Baťa's first chiropodist

František Kocourek

František Kocourek was appointed as Baťa's official Chiropody Instructor and assigned the task of spearheading the company's entry into the business of foot care.


The Kocourek family

The family of František Kocourek came from the villages of Kobylí and Vrbnice in southern Moravia. The parents and their three older sons, Václav, Jakub and Josef, moved to Brno where František was born on February 19, 1899. In 1907 the family moved to Kyjov.

Studies and World War I

František began his studies at the Kyjov High School. When it was closed he moved to Prague to live with his brother and, upon graduating in 1917, joined the army. He received military training in Vienna and served on the Romanian front and in Galicia. At the end of the war, František enrolled as a medical student at a university in Prague but, when the Masaryk University was established in Brno, transferred to its Faculty of Medicine to continue his studies in his native Moravia. Although he earned the degree of MUC (Candidate of General Medicine), he was unable to complete the full medical curriculum due to the horrible war memories evoked by the sight of blood.

In 1927 he married Dobroslava Žingorová, with whom he had two sons, Richard and Jiří.


Baťa's first chiropodist

The newlyweds purchased a house in Malenovice, near Zlín, and 29-year old František Kocourek obtained a position at the Baťa company.

Chiropody Instructor, and gave him the task of spearheading Bata's entry into the business of foot care. Kocourek thus became Bata's first Chiropodist and, over the years, attracted a long list of famous clients. As Baťa's Chiropody Instructor, Mr. Kocourek was responsible for training foot care specialists in Czechoslovakia and overseas, and for preparing instruction manuals.

His postings abroad included Yugoslavia and France, where he spent four months based at the factory in Hellocourt. Following the Nazi occupation of Bata's factories in Czechoslovakia, Kocourek was so valued by his new employers that he was transferred to a clinic in Berlin where he met, among others, Reinhard Heydrich, Joseph Goebbels and Eva Braun.

As a Bata man and a great admirer of T. G. Masaryk, he abhorred the communist takeover of Czechoslovakia in 1948 but continued to teach courses in Chiropody, including at the Apprentice School of Commerce in Koryčany. He captured his long experience in a textbook, The Theory and Practice of Foot Care. He died in 1986.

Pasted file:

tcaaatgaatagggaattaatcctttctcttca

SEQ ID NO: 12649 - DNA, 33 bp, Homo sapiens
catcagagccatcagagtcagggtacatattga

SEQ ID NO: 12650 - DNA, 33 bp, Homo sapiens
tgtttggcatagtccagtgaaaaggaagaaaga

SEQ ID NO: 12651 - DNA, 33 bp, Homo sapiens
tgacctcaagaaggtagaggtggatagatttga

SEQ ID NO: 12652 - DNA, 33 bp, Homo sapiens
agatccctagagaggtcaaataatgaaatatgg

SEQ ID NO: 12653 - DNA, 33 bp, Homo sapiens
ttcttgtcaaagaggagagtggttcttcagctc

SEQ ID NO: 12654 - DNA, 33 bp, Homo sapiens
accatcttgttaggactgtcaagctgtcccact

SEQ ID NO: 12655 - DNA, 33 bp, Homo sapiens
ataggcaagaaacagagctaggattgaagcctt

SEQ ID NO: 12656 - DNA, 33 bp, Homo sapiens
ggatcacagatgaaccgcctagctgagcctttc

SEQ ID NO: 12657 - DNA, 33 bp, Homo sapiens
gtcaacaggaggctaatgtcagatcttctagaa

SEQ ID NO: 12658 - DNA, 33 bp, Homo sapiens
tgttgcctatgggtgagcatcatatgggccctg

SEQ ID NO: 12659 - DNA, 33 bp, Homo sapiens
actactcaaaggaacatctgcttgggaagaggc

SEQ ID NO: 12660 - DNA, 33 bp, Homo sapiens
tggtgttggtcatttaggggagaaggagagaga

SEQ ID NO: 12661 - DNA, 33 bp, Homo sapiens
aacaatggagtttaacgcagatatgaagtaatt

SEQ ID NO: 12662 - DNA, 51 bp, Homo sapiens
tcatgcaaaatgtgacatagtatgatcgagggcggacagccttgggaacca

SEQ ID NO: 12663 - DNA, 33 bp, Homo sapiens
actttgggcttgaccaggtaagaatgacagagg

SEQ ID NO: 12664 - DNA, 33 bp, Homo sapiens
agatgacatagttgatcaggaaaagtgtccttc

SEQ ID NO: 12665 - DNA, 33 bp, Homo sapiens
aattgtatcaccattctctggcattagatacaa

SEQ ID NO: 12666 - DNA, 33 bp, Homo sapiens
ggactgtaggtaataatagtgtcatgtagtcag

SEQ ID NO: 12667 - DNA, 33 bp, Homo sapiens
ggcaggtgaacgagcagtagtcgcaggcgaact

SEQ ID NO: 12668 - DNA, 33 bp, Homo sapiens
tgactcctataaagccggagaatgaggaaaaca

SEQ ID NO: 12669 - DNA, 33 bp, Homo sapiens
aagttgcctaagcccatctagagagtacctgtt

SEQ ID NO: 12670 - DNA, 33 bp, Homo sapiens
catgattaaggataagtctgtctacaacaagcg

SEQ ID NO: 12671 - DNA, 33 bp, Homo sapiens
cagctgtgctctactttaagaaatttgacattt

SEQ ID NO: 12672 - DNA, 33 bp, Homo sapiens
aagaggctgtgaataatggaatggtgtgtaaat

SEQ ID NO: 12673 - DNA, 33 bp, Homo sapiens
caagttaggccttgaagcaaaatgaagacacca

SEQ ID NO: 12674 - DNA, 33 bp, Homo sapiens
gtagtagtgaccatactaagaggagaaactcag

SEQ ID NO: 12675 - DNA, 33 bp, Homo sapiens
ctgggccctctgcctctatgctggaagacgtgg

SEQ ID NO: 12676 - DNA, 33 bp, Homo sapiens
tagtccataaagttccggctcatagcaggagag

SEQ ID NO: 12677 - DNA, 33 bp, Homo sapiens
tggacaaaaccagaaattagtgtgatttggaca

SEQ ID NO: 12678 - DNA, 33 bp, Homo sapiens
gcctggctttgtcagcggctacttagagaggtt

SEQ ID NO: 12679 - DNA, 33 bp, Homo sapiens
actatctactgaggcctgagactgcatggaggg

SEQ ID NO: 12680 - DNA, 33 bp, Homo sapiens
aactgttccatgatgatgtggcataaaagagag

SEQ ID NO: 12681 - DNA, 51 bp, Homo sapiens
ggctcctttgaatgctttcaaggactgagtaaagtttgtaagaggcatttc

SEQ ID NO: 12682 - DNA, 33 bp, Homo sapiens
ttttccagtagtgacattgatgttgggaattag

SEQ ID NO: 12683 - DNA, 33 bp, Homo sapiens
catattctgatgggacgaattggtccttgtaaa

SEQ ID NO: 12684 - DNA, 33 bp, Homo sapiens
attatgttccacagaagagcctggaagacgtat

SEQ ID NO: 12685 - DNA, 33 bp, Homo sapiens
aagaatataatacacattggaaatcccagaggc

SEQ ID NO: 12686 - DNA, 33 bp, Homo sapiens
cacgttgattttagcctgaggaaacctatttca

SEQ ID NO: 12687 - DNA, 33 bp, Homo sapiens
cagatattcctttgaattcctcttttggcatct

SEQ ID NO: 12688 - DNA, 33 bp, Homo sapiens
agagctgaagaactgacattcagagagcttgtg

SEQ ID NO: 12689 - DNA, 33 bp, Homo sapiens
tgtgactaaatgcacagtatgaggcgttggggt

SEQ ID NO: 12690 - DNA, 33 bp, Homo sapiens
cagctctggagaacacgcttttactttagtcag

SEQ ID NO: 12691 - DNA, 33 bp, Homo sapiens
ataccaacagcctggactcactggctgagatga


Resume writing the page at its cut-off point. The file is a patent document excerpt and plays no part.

Slavní zákazníci Františka Kocourka

Lída Baarová, Nataša Gollová, Hana Vítová, Adina Mandlová, Ladislav Boháč...

Péče o nohy návštěvníků v pedikúrách je prováděna proto, aby se nakupujícím dostalo poučení o různých vadách nohou a o vlivu obuvi na tvar i činnost nohou.

The Theory and Practice of Foot Care

A few practical instructions

Practitioners who follow the instructions given will never be the subject of complaints. Their customers will always be satisfied, and will demonstrate this by recommending the services to their acquaintances.

Following the massage, wipe the skin thoroughly to remove any cream. Pour a small amount of Frankovka* into the palm of your hand and rub it quickly over the leg and shin so that it penetrates the pores of the skin. This produces a cooling and refreshing sensation and promotes blood circulation in the capillaries. There is no point in trying to rub the Frankovka into the skin without removing the cream. It is a waste of the product and of no benefit to the person receiving the massage. * An alcohol-based solution containing, herbs essential oils and menthol.

Please note that if the customer has particularly hairy shins, great care must be taken to use ample cream during the massage. Otherwise they will have the sensation that the hair is being pulled, and you risk actually pulling some of it out.

The same care should be taken if customers have dry, broken or soft skin (which is particularly common in big cities). In such cases the massage must be performed gently and carefully so as not to damage the skin as this might allow bacteria to enter and cause undesirable complications.

Meticulous cleanliness, both of the feet of the person receiving the massage and of the hands of the pedicurist, is the only means of avoiding the small but unpleasant sores which can result from the cream. Cream that is not protected from dust may become harmful. Practitioners must keep this constantly in mind and never leave the cream container opened when it is not in use.

In order to avoid the customers' clothes being stained by the cream, it is advisable to place a clean towel under the edge of the clothes and have the customer hold it in place. We emphasize again that talcum powder should not be applied on the shins as this is not where sweating occurs. The talcum looks repulsive and may offend the customer. It should not be used without good cause. The visitor must be left with the impression that he/she has been served in a truly professional manner.

A perfectly clean towel must be provided for each customer. It is inadmissible to use the same towel for more than one visitor. It would be a grave offence against the basic requirements of cleanliness in pedicure work. Again, we stress that it is absolutely unacceptable for the pedicurist to wear rings when treating and massaging the feet. Even a wedding ring must be removed as it is not sterile, even if the chances of its causing scratches are minimal.

MUC. F. Kocourek, Theorie a praxe pedikury, 1954